What About the Taxpayers?
Don't solve Jacksonville's pension crisis on the backs of its citizens
While Bill Scheu is to be commended for taking on a difficult task as outlined in last week's Folio Weekly [Cover Story, "Jacksonville's Pension Crisis: An Explainer," Ron Word, Feb. 12], it must be remembered that the task force, the mayor and the unions have forgotten the taxpayer. According to the Census, the private sector has been hit by salaries that have decreased during four of the last six years. The taxpayers are willing to pay for services, but there must be shared pain when it comes to pensions.
The pension plans that cover 7,030 city employees are owed $2.74 billion, and if we have a 7 percent guarantee during a repayment period lasting through 2036, we need to add another $2.78 billion, for a total repayment of $5.52 billion. That means the the annual payback would be around $240 million.
The discussion appears geared toward another millage increase to pay for the unfunded liability. This would be acceptable if the liability was not met last year by a tax increase from the city of Jacksonville. The average house valued at $125,000 after the homestead exemption had an increased annual payment of $176.The average $100,000 rental unit, which has no homestead exemption, meanwhile, had an increase of $141 in annual expenses, requiring almost $12 per month in rent to cover these hidden taxes.
The idea of further increasing taxes to cover the retirement is wrong. Already 70 police officers have left the Jacksonville Sheriff's Office for jobs with better benefits. When these other communities address their pension issues, the grass may no longer be greener on the other side of the fence.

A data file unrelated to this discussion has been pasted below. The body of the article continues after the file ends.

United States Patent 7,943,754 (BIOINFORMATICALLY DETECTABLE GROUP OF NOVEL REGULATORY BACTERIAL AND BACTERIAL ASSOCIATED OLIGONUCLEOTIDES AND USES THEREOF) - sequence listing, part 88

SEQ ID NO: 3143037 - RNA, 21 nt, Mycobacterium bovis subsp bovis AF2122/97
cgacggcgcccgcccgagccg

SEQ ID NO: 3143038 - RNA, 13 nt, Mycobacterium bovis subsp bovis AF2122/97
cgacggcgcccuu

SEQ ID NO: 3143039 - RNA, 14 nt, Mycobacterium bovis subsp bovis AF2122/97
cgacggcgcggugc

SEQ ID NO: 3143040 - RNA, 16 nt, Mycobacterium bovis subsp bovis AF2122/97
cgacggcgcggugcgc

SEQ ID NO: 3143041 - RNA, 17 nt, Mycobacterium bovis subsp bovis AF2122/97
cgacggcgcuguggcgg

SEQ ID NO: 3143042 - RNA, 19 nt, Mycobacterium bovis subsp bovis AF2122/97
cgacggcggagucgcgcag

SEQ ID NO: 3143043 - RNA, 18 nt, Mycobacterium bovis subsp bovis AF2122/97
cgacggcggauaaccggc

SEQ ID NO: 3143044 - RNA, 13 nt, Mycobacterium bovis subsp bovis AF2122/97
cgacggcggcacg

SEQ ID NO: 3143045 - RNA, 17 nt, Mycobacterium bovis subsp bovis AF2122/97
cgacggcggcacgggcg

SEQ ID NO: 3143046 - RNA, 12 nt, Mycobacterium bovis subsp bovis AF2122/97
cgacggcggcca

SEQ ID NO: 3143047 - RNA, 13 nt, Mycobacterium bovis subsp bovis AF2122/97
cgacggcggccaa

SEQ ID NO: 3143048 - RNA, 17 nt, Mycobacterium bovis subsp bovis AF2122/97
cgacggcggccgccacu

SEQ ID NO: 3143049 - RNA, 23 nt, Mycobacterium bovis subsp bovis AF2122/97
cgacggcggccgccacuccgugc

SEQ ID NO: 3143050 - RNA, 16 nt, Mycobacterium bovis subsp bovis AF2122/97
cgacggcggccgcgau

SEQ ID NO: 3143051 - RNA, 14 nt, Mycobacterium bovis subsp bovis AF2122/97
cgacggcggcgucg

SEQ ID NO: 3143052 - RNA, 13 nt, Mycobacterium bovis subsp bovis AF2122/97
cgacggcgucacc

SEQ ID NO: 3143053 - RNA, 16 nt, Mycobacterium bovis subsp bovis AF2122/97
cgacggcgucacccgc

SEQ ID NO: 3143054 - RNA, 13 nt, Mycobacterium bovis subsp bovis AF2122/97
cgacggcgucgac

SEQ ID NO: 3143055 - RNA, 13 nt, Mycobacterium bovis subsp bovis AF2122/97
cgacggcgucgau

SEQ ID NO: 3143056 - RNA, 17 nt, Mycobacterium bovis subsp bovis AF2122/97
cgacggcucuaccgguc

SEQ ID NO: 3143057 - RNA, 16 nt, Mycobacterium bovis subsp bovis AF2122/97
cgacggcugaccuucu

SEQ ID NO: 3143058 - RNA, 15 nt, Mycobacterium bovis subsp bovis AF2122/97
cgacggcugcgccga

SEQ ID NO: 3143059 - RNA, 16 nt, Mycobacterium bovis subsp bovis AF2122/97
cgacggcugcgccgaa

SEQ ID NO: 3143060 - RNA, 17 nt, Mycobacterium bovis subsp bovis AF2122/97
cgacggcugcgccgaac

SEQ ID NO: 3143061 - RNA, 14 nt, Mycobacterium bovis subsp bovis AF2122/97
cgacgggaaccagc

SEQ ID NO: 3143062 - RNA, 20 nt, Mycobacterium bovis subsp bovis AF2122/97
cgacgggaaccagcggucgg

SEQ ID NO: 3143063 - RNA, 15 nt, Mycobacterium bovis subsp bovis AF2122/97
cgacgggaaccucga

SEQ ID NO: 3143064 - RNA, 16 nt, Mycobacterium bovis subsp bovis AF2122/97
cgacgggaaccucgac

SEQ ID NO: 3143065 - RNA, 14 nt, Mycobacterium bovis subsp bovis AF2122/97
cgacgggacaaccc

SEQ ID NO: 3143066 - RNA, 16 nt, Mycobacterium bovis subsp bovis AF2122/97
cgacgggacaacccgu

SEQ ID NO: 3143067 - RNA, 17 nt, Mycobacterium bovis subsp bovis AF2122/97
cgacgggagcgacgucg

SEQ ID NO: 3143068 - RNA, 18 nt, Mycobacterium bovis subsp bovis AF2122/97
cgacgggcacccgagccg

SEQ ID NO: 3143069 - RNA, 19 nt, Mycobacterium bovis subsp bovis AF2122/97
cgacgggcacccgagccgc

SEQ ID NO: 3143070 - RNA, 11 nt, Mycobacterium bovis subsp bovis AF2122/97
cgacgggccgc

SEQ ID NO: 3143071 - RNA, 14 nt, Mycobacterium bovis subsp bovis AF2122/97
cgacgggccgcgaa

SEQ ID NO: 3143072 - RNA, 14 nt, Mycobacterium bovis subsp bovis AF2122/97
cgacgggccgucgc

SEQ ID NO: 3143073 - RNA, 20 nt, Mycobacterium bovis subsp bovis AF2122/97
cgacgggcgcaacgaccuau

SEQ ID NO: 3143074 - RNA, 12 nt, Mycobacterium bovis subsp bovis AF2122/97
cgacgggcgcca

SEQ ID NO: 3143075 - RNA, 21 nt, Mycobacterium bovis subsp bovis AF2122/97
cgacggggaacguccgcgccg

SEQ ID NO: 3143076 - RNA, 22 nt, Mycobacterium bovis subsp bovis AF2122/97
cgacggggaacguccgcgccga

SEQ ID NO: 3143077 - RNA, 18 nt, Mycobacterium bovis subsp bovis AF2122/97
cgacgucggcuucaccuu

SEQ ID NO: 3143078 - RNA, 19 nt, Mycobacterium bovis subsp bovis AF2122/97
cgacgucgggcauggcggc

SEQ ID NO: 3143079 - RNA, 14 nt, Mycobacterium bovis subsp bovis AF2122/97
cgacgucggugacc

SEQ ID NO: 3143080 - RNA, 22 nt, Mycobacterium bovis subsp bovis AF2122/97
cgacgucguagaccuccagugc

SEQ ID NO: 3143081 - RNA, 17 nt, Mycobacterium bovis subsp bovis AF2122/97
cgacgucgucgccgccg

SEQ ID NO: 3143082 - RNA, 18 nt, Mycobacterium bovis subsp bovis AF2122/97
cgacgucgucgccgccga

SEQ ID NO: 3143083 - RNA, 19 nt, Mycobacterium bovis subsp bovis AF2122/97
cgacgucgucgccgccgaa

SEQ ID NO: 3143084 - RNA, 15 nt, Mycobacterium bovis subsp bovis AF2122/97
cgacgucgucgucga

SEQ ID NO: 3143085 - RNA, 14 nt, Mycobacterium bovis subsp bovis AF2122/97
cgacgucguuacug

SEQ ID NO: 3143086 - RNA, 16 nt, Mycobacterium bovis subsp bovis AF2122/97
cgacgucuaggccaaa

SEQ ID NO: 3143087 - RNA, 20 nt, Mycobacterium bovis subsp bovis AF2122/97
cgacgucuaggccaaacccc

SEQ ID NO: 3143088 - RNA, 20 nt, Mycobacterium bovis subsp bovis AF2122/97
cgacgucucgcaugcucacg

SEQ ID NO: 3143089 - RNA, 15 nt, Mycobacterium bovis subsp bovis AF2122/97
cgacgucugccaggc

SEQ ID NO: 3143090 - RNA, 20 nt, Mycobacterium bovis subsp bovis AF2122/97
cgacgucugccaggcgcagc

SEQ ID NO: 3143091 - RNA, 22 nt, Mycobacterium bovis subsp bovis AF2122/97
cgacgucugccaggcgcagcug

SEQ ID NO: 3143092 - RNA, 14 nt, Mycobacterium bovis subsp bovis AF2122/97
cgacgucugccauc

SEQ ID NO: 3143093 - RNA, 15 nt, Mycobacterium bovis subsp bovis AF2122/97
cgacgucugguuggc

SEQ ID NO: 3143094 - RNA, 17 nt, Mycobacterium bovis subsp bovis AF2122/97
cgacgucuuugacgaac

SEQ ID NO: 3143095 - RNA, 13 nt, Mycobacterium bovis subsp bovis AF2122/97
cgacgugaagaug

Tad Delegal points out in The Florida Times-Union that it costs about $100,000 to train a public safety officer. This cost is $7 million for the 70 officers lost, as opposed to the $5.52 billion that we have to pay toward the pension. While we do not want lose good officers, we may have to let some leave for those better pastures. The question now becomes, what do we provide our 7,030 COJ employees listed in the 2014 budget?
The 2014 COJ budget sheet shows $681.75 million for salaries and benefits. Of that amount, 21 percent, or $143.166 million, should be set aside for current pension expenses. And there's the $150 million in unfunded liabilities that needs to be paid back. This leaves $55,274 per employee for salaries and other benefits. After benefits, the average salary would be about $41,000. This is in line with the average salary in Jacksonville's private sector. The total average compensation of $75,369 greatly exceeds the average in the private sector.
In the private sector, there are two ways that employees save for retirement out of their salaries. One is socking away up to 8 percent through a 401(k) plan (and/or IRA), and the second is saving 6.2 percent through Social Security. The other 6.2 percent of the Social Security contribution is paid by the employer. If the employer has a good year — which many small businesses have not had for the past six years — it might match the 401(k) contribution, generally using a limit of 3 percent.
In the public sector, COJ pays 14 percent of the pension contribution and the employee pays 7 percent. The city is going through tough times and these contributions should be flipped, with employees permanently paying 14 percent, like workers in the private sector do, and COJ paying a minimum amount, set at 7 percent. When COJ revenues increase, the City Council can re-evaluate and approve an additional bonus contribution on a year-by-year basis. Flipping the contribution amounts will save the city about $25 million a year and will lower the employee's salary after benefits to $38,130, temporarily.